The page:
Today’s general agenda: MPA and non-MPA reef transect —> fore reef —> presentations
I woke up to yet another beautiful sunrise, and I can’t help but wonder whether I am on Glover’s Reef Research Station or Glover’s Reef Resort…then the mosquito and sandflies bites kick in. The waves were quite calm this morning, so we got suited up and immediately hit the water. We continued our research project by exploring another patch reef within the Marine Protected Area and one outside of the area.
Anna and I once again rolled out our transect tape and starting taking data points using our quadrats. When we were collecting data for our second reef, our transect tape happened to go beyond the edge of the patch reef. We ended up having to dive deep into the ocean a few times to collect data. As we dove further down, I felt the thermocline and how cold the water became.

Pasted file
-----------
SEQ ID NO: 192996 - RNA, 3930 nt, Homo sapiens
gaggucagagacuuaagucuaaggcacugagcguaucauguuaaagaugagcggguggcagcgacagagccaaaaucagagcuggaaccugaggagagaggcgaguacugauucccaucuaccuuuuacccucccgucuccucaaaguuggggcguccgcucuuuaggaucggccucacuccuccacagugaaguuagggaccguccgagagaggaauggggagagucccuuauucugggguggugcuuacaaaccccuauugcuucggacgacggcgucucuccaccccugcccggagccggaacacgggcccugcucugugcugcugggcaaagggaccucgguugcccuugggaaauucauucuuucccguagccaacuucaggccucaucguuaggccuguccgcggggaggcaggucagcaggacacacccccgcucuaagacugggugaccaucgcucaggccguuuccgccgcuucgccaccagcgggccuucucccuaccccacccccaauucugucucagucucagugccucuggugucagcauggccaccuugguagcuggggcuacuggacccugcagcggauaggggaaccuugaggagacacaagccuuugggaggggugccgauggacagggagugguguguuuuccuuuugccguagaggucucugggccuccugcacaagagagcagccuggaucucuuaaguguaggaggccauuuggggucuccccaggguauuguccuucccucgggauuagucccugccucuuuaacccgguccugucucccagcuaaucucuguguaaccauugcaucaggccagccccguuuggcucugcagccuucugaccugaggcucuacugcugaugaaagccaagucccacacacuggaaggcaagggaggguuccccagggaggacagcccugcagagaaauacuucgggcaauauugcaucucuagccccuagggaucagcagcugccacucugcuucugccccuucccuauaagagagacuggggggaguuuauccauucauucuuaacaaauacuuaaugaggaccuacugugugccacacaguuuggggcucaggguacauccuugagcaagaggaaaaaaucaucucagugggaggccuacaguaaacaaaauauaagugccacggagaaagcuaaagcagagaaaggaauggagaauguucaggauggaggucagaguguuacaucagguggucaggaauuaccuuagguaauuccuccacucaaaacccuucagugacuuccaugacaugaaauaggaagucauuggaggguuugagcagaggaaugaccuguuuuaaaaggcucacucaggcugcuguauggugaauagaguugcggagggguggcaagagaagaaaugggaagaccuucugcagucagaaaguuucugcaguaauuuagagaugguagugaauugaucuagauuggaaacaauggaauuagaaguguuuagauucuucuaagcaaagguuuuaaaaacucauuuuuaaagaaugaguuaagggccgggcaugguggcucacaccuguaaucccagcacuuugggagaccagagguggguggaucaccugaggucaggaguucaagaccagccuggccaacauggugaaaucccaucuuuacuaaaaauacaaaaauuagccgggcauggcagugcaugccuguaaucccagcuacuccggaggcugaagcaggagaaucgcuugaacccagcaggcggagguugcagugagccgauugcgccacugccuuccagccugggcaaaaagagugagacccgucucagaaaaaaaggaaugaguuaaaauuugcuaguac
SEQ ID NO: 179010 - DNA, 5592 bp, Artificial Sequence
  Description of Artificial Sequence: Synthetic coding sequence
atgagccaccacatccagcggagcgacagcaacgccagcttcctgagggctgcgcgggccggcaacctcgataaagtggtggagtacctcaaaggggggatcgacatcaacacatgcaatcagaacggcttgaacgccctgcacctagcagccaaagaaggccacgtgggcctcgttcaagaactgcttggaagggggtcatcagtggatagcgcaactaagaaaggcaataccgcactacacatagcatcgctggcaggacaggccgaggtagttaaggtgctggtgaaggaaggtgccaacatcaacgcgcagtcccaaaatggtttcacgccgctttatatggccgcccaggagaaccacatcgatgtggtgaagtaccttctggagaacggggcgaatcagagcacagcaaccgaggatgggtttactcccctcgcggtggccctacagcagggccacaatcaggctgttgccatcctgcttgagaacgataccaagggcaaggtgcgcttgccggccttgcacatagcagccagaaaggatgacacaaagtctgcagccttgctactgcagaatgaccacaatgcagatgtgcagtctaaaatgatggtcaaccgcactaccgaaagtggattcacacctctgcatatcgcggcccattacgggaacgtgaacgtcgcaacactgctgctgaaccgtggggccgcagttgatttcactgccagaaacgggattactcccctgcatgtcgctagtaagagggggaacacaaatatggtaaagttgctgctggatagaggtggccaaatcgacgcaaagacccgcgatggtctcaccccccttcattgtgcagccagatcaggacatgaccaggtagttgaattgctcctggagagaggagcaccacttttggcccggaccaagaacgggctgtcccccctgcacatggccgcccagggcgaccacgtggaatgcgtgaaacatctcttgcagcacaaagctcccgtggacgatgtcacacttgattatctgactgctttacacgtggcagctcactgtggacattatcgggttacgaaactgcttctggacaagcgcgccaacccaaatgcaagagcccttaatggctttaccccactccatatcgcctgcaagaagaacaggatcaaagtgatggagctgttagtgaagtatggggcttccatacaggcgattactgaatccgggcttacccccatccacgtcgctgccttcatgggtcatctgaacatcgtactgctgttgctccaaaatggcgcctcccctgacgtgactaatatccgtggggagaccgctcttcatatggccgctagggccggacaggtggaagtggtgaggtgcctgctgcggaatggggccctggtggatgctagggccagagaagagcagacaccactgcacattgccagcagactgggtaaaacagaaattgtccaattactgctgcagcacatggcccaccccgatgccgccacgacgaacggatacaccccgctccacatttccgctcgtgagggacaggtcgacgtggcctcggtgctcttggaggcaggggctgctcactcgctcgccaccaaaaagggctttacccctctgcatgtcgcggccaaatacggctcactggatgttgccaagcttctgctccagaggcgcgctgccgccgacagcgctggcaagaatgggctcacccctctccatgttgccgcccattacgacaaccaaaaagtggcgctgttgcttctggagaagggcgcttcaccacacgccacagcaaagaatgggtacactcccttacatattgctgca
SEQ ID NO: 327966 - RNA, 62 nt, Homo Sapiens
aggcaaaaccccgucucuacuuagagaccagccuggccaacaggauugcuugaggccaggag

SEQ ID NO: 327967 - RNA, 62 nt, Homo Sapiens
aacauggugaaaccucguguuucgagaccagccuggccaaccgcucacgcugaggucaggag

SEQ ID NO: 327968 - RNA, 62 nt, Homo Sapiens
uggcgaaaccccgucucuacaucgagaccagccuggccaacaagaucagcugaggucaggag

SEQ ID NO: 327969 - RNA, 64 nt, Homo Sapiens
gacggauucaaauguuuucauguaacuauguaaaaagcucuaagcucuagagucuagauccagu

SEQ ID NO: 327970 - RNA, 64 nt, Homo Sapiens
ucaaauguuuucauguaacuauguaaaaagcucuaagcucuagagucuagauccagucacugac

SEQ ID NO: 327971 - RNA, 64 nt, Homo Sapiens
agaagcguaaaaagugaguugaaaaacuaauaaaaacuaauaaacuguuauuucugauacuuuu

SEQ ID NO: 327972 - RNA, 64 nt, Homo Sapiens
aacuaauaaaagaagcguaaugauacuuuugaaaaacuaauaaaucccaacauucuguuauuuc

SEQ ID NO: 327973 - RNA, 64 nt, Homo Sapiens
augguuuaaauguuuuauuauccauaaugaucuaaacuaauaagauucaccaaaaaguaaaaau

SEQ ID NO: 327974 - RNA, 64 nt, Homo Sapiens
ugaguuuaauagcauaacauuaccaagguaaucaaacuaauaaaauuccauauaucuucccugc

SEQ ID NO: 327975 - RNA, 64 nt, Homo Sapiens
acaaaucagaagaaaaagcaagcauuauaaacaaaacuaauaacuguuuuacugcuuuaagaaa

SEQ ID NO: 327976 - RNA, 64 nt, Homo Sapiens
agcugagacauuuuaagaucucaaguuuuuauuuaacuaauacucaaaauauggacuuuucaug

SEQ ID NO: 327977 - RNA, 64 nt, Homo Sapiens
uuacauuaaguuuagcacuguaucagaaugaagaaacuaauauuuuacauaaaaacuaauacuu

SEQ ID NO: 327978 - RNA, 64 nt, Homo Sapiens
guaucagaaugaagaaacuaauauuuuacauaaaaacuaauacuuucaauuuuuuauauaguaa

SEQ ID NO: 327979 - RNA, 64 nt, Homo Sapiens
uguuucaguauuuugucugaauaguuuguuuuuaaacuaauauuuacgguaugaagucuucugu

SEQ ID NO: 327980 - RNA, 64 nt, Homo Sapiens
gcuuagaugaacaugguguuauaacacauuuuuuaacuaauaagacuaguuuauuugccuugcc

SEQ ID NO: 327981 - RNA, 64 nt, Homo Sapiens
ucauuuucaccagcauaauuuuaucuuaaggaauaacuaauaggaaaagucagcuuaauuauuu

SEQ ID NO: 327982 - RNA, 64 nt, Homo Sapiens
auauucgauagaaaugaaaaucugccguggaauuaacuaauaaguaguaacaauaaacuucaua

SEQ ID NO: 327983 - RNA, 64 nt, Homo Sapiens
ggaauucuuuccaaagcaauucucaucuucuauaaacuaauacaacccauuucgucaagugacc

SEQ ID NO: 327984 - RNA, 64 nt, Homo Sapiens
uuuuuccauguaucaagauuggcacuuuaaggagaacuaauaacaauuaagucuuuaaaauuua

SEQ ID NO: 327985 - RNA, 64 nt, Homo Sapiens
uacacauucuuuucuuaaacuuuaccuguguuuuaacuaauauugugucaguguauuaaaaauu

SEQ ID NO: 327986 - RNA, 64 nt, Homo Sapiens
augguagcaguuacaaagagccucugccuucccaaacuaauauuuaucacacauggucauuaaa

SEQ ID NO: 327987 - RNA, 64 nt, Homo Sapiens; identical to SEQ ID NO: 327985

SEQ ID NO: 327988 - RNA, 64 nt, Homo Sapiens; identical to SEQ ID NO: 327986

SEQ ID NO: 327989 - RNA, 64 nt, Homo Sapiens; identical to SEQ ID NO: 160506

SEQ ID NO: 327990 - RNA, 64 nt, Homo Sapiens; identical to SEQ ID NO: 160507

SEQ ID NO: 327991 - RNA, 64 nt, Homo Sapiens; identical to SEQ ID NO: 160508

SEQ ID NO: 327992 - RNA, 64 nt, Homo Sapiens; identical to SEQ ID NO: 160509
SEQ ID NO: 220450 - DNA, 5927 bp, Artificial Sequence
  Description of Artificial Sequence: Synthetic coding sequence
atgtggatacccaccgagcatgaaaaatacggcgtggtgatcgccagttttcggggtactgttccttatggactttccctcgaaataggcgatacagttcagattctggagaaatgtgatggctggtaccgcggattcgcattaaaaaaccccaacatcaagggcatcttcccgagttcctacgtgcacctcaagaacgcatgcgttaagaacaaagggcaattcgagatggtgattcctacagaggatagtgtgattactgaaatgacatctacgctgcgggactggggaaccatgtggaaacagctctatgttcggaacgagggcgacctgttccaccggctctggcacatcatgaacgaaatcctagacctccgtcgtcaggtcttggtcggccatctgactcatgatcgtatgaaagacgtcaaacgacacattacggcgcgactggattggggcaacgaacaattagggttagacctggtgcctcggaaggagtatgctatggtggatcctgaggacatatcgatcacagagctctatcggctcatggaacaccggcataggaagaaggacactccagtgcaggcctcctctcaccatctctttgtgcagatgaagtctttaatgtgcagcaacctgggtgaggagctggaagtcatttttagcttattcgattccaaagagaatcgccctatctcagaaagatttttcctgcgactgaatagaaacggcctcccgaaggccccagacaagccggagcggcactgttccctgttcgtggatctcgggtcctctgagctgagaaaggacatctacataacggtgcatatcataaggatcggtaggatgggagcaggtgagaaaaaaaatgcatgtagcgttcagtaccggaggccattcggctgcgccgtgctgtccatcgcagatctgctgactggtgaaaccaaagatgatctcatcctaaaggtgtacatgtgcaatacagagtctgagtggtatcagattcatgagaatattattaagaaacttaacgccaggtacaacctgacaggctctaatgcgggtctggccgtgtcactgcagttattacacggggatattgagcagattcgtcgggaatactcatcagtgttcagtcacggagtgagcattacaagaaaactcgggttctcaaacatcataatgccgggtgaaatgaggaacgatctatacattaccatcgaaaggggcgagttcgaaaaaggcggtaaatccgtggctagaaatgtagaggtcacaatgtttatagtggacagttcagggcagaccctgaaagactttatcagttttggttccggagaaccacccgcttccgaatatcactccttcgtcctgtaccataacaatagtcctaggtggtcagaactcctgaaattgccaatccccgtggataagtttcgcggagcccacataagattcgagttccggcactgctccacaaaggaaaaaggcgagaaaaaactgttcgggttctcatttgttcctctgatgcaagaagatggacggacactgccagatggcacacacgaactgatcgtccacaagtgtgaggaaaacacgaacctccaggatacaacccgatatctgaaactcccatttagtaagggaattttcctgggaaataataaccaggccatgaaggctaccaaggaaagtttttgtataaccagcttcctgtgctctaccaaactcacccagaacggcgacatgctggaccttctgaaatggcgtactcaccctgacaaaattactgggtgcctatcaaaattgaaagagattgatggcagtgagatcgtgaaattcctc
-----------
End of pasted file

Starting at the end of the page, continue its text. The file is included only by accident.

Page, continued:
Because weather can be so unpredictable, in the afternoon, we quickly headed to the fore reef, which is the area right outside of the reef crest, to observe the drop-off. I could not believe my eyes when I saw the drop-off because I was literally staring deep into the abyss. We saw a ray swim across the ocean floor and a nurse shark on the sea floor as well.
In the sponge department, we got to see some incredible sponges! Javier pointed out the yellow tube sponges and Amanda pointed out the barrel sponges. These sponges were hard to spot at first, but, once I saw them, I could not take my eyes off them. They look just like the pictures when I searched them up, but they look more beautiful in person.
Glover’s Reef Marine Reserve, Belize